32

I have a priority_queue of some object:

typedef priority_queue<Object> Queue;
Queue queue;

From time to time, the priority of one of the objects may change - I need to be able to update the priority of that object in the queue in an efficient way. Currently I am using this method which works but seems inefficient:

Queue newQueue;
while (!queue.empty())
{
  Object obj=queue.top();
  queue.pop();

  if (priorityHasChanged(obj))
    newQueue.push_back(Object(new_priority));
  else
    newQueue.push_back(obj);
}

newQueue.swap(queue); // this only works because I actually subclassed the priority_queue
                 // class and exposed a swap method that swaps in the container

I implemented it this way because I was in kind of a hurry at the time and this was the quickest thing I could do that I could be sure it would work ok. There has to be a better way than this though. Really what I want is a way to either:

  • extract out the instance with the changed priority and insert a new one with the new priority value
  • update the instance with the changed priority and then update the queue so that it is correctly sorted

What is the best way to do this?

7

I think you are out of luck with standard priority queue because you can't get at the underlying deque/vector/list or whatever. You need to implement your own - it's not that hard.

  • 5
    That's not correct -- the standard priority queue stores the container as protected member c (see reference). You can derive from the priority queue and access the container in the derived class. – user283145 Aug 28 '13 at 7:37
  • @user283145 sure you can get access to the underlying heap with c but since you can't find the index of a key in O(logn), you can't do a priority update in O(lgn) which is really the unfortunate part. – Jon Deaton Feb 6 '18 at 18:49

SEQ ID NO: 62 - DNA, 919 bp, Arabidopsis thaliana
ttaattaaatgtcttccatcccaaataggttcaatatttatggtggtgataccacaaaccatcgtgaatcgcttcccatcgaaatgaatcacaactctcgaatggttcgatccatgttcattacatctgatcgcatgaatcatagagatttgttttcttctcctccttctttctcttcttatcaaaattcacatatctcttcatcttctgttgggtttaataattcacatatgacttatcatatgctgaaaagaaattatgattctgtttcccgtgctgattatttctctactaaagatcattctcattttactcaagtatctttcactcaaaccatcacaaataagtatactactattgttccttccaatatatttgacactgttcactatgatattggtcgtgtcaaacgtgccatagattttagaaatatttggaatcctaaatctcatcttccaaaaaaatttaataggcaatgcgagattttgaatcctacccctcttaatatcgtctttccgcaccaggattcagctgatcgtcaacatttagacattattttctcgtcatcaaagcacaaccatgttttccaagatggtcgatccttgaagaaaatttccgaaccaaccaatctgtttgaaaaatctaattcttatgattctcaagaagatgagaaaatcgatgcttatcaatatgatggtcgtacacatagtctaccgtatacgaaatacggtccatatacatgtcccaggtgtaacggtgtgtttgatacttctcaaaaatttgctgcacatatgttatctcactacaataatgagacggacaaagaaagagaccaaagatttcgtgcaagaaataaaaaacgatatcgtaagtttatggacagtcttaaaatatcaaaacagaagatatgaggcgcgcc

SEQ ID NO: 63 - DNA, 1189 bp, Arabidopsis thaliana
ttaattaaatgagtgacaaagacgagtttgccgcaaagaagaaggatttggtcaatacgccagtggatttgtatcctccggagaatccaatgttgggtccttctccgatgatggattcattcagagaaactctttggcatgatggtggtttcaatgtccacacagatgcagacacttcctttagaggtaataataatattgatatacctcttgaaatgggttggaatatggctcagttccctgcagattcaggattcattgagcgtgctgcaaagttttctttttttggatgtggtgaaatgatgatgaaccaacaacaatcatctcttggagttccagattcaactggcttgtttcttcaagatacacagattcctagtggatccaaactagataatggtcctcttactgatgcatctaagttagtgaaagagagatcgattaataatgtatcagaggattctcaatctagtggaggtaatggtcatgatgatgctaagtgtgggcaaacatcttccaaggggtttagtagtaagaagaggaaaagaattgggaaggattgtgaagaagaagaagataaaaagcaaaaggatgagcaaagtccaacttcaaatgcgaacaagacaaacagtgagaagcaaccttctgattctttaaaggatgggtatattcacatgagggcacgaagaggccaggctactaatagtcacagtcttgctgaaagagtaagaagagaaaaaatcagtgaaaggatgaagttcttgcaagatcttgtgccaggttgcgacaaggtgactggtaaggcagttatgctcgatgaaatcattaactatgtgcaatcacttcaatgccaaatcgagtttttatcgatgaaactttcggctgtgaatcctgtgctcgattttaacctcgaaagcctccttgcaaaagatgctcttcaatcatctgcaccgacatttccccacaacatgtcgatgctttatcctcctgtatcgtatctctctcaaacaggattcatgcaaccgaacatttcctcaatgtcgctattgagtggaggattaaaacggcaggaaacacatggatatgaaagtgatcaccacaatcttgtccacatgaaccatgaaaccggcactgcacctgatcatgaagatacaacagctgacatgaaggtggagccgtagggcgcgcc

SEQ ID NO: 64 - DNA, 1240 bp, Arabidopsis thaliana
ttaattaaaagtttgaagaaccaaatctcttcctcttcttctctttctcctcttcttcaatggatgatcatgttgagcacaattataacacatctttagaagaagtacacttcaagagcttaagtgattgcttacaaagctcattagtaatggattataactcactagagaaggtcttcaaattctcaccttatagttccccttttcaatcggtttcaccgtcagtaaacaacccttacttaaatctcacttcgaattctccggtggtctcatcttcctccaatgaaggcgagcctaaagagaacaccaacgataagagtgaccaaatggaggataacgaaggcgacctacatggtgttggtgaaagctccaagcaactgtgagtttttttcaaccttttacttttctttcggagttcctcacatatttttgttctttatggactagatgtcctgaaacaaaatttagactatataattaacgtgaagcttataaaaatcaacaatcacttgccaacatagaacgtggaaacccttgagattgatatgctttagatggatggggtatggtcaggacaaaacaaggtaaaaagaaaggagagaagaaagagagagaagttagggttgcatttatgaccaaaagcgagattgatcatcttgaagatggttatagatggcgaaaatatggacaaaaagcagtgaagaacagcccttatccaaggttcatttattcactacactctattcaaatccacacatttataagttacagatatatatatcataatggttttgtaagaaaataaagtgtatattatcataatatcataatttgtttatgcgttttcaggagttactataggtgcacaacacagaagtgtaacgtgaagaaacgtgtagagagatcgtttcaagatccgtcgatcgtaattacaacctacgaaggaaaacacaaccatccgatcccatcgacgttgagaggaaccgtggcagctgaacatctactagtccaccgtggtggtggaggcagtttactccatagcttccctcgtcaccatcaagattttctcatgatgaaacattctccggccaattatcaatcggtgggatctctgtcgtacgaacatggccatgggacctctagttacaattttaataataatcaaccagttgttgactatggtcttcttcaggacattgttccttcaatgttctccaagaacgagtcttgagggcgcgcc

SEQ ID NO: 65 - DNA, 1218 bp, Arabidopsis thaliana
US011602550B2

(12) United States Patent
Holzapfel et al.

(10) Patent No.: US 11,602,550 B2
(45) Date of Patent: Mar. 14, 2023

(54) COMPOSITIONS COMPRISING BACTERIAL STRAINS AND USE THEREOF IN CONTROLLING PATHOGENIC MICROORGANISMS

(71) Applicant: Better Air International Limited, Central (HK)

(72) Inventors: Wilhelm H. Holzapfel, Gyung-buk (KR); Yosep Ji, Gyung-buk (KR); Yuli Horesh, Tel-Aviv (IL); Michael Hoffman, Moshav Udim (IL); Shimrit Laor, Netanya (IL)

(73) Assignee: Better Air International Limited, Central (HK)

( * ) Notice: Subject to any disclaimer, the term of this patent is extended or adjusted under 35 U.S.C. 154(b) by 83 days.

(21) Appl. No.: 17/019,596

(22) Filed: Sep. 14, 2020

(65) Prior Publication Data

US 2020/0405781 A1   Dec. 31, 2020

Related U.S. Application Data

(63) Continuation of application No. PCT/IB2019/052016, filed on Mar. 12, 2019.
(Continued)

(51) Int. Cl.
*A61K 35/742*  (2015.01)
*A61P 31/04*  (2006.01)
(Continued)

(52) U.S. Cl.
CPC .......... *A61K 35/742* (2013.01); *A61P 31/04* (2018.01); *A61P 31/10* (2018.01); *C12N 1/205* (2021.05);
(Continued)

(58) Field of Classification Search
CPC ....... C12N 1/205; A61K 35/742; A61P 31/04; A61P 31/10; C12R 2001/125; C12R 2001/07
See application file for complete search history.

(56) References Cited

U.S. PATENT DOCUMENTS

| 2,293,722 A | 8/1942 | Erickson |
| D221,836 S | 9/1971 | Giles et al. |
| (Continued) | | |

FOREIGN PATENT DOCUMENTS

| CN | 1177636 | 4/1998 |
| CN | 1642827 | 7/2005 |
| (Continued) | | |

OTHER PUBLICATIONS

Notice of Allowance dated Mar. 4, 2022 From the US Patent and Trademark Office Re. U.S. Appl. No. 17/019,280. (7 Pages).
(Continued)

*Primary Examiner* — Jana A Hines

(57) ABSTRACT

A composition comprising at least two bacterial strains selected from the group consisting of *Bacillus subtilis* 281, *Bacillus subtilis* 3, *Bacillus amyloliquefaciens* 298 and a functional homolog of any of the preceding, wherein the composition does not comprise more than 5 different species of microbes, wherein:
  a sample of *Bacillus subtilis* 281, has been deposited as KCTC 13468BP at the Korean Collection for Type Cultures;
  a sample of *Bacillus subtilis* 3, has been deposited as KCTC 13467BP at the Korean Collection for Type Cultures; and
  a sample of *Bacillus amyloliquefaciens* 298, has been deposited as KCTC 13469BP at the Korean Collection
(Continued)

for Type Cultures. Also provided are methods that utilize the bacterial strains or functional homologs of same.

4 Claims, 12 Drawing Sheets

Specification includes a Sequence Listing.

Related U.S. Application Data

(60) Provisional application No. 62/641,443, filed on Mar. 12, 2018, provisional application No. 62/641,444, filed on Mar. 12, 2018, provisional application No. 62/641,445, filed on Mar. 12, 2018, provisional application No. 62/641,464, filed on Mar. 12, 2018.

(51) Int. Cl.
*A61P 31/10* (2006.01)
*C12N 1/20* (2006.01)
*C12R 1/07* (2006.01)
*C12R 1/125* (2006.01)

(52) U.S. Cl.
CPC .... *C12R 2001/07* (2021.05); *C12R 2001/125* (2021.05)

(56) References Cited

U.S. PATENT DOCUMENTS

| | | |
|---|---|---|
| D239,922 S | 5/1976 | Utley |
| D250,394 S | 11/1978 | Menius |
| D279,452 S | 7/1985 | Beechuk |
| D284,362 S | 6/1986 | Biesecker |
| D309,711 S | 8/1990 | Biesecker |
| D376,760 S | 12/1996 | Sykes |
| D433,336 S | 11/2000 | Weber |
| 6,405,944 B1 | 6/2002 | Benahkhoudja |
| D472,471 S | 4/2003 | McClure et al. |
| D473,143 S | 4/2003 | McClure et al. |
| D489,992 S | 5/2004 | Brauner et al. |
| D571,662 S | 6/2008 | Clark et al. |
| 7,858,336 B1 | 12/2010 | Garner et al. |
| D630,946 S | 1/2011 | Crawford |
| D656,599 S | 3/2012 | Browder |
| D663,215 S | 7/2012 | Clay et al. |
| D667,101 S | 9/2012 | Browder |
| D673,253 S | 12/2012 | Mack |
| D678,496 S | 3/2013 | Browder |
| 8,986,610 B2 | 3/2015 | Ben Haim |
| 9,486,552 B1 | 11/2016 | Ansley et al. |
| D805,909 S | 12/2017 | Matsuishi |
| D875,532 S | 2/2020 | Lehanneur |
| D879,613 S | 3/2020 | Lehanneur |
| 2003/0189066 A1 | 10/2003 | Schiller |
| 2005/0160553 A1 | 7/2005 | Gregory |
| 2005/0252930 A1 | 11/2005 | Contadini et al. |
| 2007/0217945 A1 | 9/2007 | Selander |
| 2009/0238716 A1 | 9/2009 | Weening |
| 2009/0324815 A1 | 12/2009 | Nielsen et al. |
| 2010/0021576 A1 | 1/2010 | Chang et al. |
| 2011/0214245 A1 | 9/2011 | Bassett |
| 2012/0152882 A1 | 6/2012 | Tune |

46

I can suggest 2 choices to solve the problem, although neither performs a real update.

  1. Use the priority_queue and push element each time you would like to update it. Accept the fact that you will have useless entries in the queue. When popping the top value, check if it contains the up-to-date value. If not, ignore it and pop the next.

    This way you delay the removal of the updated element until it comes to the top. I noticed this approach being used by top programmers realizing Dijkstra algorithm.

  2. Use set. It is also sorted so you are able to extract the greatest element in logarithmic time. You are also able to remove the outdated element before inserting it again. So still no update operation possible, but removal and reinsertion is doable.

Seems like the complexity of both approaches is the same.

  • 1
    "I noticed this approach being used by top programmers realizing Dijkstra algorithm." It'd have been a lot clearer if the programmers mentioned this fact. Thanks for pointing out! – sonofrage Dec 2 '15 at 5:56
  • Usually the data in the queue is redundant. So you can compare the value from the queue with the value in another data object, a table maybe. If the value is different, it should be discarded. – Jarekczek May 18 '16 at 14:14
  • 1
    For the first way, I can't understand the word he used, but article here clarify what he really meant by "push element each time you would like to update" : geeksforgeeks.org/… – Mohd Shahril Sep 19 '16 at 10:27